On March 30, the Supreme Court of Canada released its decision in Green v. Law Society of Manitoba with the majority agreeing with the courts below that the Law Society of Manitoba (“Law Society”) can impose rules that couple a mandatory CPD program with a possible suspension for failing to meet the program’s requirements.
Justice Abella and Justice Côté authored a dissent, holding (as described in the headnote) that: “A rule that leads to an automatic suspension for failing to attend 12 hours of continuing professional development is so far removed from ensuring the public’s confidence in lawyers that it is manifestly unjust, and therefore, unreasonable.”
This past week, Slaw.ca hosted several very interesting blogs on legal ethics written by law students. They are worth a read! Professor Adam Dodek’s introduction is excerpted below:
In a decade of teaching legal ethics, I have come to realize that students bring different and often fresh viewpoints to their analysis of ethical issues in the profession. Slaw founding Publisher Simon Fodden agreed to provide a forum for our future colleagues at the bar to share these perspectives with a wider audience. We are fortunate that his successor Steve Matthews has continued to do so.
This year seven University of Ottawa students produced interesting and provocative that will be published by Slaw over the course of this Student Week (March 27th through 31st). The issues range from how and where to learn competency, humility as an ethical value and expanding the public safety exception to confidentiality and privilege to include reporting on intimate partner violence. Other papers deal with the professional responsibility of lawyers in dealing with self-represented litigants, government lawyers as superheroes and lawyers behaving badly. And Atticus Finch and To Kill a Mockingbird. Of course. I hope you are challenged by these students as much as I was. And I hope you enjoy their writing as much as I have.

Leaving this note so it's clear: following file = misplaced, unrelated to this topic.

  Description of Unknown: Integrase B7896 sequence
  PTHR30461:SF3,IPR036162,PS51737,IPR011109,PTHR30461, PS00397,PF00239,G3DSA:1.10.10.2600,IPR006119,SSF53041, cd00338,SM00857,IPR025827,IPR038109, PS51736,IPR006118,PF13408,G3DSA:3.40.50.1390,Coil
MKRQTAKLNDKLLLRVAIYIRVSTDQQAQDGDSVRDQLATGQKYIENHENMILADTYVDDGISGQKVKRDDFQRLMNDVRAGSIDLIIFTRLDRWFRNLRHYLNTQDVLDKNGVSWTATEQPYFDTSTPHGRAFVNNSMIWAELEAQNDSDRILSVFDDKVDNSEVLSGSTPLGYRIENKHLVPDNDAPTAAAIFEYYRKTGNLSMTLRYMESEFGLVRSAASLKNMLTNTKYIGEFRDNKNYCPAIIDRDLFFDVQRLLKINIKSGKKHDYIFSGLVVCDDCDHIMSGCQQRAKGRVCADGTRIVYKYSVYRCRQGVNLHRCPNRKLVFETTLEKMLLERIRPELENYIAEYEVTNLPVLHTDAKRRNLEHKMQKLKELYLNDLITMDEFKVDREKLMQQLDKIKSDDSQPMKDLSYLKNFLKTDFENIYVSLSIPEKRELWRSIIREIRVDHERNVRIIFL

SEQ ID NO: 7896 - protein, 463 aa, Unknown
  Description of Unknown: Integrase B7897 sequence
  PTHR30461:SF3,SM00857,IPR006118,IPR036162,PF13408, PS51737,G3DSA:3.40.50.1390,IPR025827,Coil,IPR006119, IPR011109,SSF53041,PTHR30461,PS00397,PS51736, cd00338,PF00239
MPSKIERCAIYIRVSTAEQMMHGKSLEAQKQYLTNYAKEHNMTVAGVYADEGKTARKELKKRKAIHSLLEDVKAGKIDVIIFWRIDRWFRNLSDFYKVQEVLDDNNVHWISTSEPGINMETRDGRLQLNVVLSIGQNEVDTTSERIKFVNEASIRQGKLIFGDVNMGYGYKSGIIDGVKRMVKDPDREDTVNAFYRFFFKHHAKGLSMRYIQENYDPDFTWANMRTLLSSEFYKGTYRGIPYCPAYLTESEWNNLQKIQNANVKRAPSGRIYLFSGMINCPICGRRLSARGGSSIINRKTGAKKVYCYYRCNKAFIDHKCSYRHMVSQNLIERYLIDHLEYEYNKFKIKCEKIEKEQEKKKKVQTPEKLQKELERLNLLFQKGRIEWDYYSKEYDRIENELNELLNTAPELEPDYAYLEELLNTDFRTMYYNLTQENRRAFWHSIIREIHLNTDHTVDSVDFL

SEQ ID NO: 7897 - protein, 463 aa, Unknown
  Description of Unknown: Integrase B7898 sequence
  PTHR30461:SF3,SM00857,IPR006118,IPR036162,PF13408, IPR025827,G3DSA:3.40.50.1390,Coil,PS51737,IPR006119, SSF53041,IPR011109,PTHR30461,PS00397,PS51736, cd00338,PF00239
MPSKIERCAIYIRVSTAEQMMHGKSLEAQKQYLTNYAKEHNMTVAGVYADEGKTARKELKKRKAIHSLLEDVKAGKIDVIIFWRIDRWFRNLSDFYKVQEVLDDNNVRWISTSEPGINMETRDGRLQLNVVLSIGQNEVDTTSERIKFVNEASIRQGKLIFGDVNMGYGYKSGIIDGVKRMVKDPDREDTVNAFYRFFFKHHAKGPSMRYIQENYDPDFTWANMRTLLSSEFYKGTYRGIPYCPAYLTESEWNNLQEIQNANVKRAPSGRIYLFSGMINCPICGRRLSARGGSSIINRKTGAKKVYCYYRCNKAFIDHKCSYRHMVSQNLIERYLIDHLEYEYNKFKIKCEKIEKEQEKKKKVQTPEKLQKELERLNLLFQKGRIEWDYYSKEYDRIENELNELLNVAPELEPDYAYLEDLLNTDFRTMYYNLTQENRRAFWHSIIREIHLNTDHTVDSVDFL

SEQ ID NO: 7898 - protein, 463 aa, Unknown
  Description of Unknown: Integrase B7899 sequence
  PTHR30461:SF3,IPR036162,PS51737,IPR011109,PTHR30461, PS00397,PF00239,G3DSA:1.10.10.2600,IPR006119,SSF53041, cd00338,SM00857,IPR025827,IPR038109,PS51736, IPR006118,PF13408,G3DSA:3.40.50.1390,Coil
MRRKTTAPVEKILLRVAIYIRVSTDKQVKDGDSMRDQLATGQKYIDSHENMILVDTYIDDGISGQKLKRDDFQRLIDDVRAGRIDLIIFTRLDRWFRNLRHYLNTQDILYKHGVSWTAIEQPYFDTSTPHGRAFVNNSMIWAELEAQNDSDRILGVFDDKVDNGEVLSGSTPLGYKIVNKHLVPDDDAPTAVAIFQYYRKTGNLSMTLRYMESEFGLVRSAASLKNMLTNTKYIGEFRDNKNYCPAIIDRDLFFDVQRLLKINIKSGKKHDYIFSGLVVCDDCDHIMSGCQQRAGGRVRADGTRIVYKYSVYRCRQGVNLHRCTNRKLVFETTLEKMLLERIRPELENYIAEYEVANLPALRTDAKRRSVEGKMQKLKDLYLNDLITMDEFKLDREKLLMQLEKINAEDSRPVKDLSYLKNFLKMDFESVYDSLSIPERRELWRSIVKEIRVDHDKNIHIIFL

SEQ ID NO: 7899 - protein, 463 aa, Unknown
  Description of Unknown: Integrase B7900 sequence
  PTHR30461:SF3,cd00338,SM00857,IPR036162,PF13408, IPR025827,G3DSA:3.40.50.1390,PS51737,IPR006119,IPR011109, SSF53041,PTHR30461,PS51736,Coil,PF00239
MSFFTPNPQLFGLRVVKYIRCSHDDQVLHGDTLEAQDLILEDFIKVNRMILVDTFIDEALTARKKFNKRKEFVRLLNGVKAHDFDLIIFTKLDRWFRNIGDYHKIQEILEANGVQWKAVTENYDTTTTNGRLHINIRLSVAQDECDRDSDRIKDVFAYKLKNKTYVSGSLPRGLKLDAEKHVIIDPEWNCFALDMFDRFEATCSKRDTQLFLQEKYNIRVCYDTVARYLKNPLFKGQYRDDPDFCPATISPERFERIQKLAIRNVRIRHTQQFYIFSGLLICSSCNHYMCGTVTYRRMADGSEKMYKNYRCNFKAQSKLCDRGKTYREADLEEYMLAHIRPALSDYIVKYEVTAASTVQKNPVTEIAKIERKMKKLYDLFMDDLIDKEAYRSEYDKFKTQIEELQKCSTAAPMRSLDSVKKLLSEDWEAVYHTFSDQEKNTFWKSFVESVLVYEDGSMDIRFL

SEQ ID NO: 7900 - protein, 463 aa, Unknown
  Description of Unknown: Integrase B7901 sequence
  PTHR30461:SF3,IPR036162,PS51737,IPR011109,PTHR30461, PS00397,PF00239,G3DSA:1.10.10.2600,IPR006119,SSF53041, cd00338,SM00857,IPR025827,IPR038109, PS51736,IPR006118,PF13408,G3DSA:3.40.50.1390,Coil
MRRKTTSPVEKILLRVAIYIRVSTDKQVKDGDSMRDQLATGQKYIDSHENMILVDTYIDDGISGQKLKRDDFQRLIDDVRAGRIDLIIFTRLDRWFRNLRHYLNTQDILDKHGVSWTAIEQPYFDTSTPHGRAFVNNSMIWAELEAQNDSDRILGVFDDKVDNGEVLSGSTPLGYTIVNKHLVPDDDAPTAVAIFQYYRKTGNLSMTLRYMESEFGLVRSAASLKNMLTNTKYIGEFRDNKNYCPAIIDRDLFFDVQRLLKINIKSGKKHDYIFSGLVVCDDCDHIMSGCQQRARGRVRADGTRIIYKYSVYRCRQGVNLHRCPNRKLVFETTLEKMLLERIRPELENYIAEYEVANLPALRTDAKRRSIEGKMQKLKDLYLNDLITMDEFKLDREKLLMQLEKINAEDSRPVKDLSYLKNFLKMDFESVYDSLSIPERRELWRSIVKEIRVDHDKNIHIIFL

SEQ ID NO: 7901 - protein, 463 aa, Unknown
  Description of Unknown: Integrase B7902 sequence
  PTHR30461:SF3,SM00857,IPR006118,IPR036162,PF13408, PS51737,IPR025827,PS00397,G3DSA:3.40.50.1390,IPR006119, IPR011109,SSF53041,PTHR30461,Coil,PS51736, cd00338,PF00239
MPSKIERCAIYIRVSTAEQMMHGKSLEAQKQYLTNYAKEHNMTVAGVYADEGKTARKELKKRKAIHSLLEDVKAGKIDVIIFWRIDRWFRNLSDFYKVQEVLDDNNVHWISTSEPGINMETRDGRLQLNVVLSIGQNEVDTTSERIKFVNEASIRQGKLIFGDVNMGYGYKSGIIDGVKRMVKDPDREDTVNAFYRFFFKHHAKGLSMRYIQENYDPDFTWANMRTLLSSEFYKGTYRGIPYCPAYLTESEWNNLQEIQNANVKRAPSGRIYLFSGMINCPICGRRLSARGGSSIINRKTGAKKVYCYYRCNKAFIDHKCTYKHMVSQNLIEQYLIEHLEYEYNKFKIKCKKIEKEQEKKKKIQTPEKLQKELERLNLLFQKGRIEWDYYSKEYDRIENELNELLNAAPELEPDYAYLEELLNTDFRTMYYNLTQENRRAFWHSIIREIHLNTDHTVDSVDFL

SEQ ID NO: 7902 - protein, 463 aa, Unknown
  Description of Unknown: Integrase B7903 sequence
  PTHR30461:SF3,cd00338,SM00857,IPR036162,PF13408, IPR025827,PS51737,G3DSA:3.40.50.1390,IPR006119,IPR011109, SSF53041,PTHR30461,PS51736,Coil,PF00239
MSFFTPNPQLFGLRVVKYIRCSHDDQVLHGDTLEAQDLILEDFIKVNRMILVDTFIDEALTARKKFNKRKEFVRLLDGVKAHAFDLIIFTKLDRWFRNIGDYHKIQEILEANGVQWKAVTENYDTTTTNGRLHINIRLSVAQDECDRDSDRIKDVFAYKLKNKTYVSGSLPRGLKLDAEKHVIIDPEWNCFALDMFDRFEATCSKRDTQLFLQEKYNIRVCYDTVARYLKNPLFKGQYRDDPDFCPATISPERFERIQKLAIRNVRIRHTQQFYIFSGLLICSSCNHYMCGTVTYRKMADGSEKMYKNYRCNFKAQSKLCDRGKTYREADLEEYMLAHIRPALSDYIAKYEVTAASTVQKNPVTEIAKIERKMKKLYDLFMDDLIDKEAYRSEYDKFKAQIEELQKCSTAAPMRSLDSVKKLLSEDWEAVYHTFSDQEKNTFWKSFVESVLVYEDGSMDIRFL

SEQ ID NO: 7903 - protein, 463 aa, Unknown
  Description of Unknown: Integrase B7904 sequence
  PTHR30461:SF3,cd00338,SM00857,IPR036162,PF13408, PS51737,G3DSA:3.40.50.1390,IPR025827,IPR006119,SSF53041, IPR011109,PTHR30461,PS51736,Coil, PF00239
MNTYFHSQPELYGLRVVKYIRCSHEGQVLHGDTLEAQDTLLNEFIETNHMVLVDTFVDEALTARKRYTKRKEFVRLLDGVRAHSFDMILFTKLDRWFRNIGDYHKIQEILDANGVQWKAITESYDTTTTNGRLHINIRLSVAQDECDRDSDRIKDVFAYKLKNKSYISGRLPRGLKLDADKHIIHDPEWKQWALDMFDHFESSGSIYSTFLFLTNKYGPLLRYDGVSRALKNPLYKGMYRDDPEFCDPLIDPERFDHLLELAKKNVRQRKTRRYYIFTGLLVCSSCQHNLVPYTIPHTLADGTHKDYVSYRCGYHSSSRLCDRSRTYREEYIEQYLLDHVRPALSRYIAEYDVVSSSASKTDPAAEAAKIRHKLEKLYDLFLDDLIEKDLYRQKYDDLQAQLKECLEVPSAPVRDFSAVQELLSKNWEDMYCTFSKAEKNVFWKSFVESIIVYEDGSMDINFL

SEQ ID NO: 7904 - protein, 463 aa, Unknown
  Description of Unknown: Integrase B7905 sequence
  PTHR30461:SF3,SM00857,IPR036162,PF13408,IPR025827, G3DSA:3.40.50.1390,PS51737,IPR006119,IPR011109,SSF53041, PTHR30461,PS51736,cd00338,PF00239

Another recent Slaw.ca column on the topic of legal ethics can be found this week, authored by CALE President Alice Woolley and on the topic of the appropriateness of judges commenting on morals and policy in their reasons.
A new column by Malcolm Mercer is now up on Slaw.ca, which explores the current policy debate in Ontario about the appropriate licensing process for lawyers and difficulties created by challenges in making accurate predictions about the supply and demand of lawyers and the self-interest inherent in a self-regulating profession.
On March 9, 2017, the Canadian Judicial Council released its Report recommending that Justice Camp be removed from office. The CJC’s press release may be found here and the full Report, here.
Following the release of this Report, Justice Camp announced that he would resign and issued an apology. More details can be found here.
This development attracted significant media coverage, including an op ed in the Globe and Mail by CALE President Alice Woolley.